Craig et al (2008) found lower clinical pregnancy rates in the acupuncture group compared to a control group receiving no acupuncture in a study of 107 patients undergoing embryo transfer. The acupuncture points used and the timing of the treatments were similar to the trial by Paulus (2002) above. The two groups were also statistically similar in terms of the patient age, peak oestradiol levels, number of eggs retrieved, fertilisation method, fertilisation rate, number of embryos transferred, and the proportion with blastocysts transferred (click here for the full text article).
A retrospective review to evaluate the effects of the acupuncture protocol used by Craig (2008) in donor and non-donor IVF cycles found that acupuncture on the day of embryo transfer didn't lower live birth rates but in fact increased them in donor cycles (Hullender et al, 2015). 87% of the women who received donor egg embryos and had acupuncture had a baby compared with 66% in the donor group who didn’t have acupuncture (click here for the abstract).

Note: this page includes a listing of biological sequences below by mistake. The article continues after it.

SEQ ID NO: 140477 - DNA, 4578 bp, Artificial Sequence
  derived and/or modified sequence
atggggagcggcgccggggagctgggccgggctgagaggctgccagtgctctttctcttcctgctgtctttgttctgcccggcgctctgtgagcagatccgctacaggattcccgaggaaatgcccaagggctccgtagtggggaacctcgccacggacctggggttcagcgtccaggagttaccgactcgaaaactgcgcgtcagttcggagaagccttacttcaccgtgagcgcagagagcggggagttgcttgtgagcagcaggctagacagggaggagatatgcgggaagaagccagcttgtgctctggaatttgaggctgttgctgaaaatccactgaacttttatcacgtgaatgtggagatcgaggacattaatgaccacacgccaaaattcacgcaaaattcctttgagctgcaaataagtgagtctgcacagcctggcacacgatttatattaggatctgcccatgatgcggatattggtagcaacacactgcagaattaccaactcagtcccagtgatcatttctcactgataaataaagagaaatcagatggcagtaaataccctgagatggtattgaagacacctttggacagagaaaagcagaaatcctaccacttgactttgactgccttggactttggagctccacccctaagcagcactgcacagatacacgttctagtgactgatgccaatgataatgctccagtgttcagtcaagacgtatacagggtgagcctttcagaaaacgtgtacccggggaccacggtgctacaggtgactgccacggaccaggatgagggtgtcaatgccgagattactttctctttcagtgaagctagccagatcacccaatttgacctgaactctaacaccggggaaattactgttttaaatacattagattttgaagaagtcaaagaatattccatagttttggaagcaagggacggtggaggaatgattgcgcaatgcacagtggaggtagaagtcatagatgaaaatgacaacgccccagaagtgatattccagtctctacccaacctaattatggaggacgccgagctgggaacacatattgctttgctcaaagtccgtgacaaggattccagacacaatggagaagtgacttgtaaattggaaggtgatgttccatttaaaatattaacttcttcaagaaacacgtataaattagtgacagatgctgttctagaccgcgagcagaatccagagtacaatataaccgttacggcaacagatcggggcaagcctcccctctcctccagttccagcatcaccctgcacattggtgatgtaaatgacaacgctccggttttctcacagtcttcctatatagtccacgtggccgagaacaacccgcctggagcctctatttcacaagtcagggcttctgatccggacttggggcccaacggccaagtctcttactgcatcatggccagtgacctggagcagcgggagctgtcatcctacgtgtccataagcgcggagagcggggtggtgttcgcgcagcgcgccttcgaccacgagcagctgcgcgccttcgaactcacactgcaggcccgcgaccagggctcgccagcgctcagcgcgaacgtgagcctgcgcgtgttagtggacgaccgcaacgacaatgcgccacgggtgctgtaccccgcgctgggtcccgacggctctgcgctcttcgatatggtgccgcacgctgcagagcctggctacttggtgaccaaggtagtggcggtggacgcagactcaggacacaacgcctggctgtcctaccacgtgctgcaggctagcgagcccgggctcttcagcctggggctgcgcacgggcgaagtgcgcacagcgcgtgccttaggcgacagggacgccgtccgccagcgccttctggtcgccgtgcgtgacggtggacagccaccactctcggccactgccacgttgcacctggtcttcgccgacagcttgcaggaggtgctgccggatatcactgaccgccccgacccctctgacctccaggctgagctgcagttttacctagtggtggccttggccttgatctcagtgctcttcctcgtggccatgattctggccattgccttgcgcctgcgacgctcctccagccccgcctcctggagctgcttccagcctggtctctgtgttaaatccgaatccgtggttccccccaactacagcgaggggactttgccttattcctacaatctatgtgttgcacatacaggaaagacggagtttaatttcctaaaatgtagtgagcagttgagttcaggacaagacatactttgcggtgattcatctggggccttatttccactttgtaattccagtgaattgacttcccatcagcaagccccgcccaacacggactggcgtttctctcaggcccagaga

Domar et al (2006) also replicated the study by Paulus (2002) with 83 women having embryo transfer and again there was no statistical difference in pregnancy rates between a group receiving acupuncture and a control group (click here for the full text article).
Teshima (2007) showed that acupuncture before and after embryo transfer resulted in a higher number of clinical pregnancies than the control group but the results weren't statistically significant (click here for the full text article).
In a small study by Udoff (2007), patients in the treatment group received acupuncture before starting their stimulation drugs, the day before egg retrieval, and the day before and the day after embryo transfer. The control group received ‘sham’ acupuncture at non-acupuncture points. The group receiving acupuncture had an 80% chemical pregnancy rate compared to 11% in the control group. The clinical pregnancy and live birth rates were higher in the acupuncture group but not statistically significant (click here for the full text article).